Professor Henry Kwasi Prempeh, a Professor at Law, has suggested that whistleblowers should be provided with incentives to encourage them to provide information on corruption cases when the Office of Special Persecutor becomes operational.
He said the provision of incentives was a practice that had helped in the fight against corruption in many jurisdictions such as the United States of America (USA).
Prof. Prempeh, who is a professor at the Seton Hall University in the USA, made the suggestion on behalf of civil society on the first of a two-day special stakeholders’ conference on the Office of the Special Prosecutor’s Bill, underway at the Parliament House in Accra.
The legal expert spoke on behalf of institutions like the Ghana Integrity Initiative (GII) and the Ghana Centre for Democratic Development (CDD-Ghana).
The stakeholders’ conference was organised by the Committee on Constitutional, Legal and Parliamentary Affairs of Parliament, which is considering the substance and heart of the Bill before its consideration and passage.
Opinions were varied on whether whistleblowers on corruption cases should be rewarded to ensure a successful prosecution and conviction of offenders.
Prof. Prempeh, who led the argument for the civil society groups, said in the US people were paid if information was provided on corruption.
“To that extent, they are making a living from that,” he said, but cautioned that there could be provisions to punish people who would provide wrong information.
That, he said, would open the flood gate for people to provide unauthentic information.
Prof. Prempeh said if authentic information was given by a volunteer, the case must travel to its final determination and the person must be convicted before the reward was given to the whistleblower.
“If the information is given and the case is not successfully prosecuted, the whistleblower should not be given any reward,” Prof. Prempeh said.
However, Mr Magnus Kofi Amoatey, the Member of Parliament for Yilo Krobo, from the Minority National Democratic Congress (NDC) side, said the suggestion to reward the whistleblower must be subjected to critical scrutiny, in the face of many electronic broadcasting stations where people phone in to provide information, some of which are volatile.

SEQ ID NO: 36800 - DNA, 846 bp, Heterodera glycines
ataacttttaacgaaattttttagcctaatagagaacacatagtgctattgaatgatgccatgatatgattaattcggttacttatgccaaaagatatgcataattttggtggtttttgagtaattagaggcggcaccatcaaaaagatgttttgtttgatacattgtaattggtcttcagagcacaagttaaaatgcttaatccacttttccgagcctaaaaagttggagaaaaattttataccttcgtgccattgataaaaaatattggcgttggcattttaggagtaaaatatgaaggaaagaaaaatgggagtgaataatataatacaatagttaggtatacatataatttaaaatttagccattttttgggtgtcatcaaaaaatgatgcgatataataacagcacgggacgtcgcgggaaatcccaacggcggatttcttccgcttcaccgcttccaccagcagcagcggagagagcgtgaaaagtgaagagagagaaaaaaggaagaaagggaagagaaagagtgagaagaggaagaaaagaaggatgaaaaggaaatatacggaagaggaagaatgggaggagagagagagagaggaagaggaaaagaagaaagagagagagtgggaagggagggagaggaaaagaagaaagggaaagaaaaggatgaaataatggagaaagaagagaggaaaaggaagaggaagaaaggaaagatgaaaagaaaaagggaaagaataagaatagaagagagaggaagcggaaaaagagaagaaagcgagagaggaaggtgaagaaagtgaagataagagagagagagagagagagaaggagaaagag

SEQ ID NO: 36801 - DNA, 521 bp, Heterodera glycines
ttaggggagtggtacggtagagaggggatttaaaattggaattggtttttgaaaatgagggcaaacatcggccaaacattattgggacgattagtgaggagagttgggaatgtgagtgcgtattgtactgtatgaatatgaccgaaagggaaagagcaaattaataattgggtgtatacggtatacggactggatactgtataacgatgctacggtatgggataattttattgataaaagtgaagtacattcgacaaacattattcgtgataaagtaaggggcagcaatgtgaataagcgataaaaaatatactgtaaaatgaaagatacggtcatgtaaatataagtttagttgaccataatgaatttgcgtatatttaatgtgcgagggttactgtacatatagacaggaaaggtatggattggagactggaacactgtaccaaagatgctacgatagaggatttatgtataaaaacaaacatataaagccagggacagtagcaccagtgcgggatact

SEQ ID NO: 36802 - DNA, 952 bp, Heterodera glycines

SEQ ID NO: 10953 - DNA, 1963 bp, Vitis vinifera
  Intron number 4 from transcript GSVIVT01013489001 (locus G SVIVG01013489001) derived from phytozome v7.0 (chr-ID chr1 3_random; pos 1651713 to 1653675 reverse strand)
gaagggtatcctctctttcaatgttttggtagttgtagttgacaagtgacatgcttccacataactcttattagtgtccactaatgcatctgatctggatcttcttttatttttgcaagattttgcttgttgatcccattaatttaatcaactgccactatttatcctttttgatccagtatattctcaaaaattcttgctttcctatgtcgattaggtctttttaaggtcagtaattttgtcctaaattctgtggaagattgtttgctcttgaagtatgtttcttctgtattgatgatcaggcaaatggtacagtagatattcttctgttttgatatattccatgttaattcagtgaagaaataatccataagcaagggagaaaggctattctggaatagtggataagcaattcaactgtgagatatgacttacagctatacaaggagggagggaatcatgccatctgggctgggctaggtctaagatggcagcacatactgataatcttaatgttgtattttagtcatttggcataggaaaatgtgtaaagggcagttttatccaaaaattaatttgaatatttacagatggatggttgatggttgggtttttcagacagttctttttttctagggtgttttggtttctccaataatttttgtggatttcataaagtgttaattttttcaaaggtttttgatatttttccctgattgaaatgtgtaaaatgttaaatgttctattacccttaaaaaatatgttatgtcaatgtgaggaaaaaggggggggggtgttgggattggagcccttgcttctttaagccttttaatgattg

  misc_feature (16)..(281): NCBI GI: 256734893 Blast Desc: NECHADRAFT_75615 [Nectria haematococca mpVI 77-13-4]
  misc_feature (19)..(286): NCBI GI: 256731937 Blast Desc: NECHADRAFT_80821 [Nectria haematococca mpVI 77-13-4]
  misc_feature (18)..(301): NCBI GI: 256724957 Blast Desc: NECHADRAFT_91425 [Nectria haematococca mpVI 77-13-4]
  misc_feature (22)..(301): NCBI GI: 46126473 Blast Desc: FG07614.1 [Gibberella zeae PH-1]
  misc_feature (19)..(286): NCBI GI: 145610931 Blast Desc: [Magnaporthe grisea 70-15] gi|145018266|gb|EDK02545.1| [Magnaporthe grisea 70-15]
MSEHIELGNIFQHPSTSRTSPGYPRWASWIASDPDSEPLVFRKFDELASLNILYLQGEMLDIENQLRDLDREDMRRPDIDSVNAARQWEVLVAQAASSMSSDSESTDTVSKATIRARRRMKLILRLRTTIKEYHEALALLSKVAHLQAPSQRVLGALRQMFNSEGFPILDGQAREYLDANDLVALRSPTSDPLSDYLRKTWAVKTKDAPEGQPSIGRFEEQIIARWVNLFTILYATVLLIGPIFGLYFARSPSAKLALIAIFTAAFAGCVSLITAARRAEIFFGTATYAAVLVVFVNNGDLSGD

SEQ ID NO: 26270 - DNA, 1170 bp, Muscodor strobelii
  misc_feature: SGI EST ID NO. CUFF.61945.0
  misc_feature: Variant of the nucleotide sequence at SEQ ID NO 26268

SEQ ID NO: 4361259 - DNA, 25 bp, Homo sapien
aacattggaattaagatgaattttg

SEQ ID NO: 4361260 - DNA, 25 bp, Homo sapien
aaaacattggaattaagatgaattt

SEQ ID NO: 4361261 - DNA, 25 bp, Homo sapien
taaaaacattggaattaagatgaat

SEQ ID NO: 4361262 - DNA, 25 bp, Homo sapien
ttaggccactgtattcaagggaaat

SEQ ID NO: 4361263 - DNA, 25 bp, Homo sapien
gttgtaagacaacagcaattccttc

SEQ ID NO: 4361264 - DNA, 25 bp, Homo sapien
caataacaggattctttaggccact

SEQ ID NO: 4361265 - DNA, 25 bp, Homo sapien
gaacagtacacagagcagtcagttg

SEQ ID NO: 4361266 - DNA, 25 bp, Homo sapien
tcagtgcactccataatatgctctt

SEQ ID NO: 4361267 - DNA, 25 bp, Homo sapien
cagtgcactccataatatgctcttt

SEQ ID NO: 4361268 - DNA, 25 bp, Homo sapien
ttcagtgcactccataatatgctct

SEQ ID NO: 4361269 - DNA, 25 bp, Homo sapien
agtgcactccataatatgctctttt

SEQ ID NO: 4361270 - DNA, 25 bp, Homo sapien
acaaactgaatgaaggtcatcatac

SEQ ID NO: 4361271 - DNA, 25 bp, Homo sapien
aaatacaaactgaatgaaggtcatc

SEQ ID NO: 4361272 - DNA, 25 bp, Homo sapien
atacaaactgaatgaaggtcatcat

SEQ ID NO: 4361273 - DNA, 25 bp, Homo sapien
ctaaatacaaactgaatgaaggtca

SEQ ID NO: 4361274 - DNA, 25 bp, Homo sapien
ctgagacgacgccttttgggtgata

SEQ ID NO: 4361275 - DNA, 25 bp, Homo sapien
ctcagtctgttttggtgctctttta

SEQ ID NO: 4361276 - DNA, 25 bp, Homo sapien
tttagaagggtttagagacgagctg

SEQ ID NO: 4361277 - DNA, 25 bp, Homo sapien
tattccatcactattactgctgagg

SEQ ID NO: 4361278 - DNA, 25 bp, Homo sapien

The conference highlighted the need to protect the privacy of such whistleblowers to encourage people to volunteer information in the fight against corruption.
The independence of the Special Prosecutor also generated intense debate at the conference, with some fearing the true independence of the Special Prosecutor who could not pander to the whims and caprices of the Executive.
Prof. Kwasi Afrifa, a Political Scientist and a Lawyer, said it was important to focus more attention on the constitutionality of the Office of the Special Prosecutor in relation to the creation of the Attorney-General’s Office under Article 88 of the 1992 Constitution, which would cede some its authority to the Special Prosecutor rather than focusing on the independence of the Office.
He said that the security of tenure of office for the prosecutor and remuneration should guarantee some sort of independence while criticisms and public court could also ensure that the Special Prosecutor would not be engaging in any witch-hunting.
Mr Ben Abdallah Banda, the Chairman of the Legal and Constitutional Affairs Committee and MP for Offinso South, said the Special Prosecutor must have solid integrity to ensure that he did his job professionally.
Dr Dominic Ayine (ND), MP for Bolgatanga East, said the Minority had come to appreciate the importance of the Office of the Special Prosecutor that would help in the fight against corruption in the country.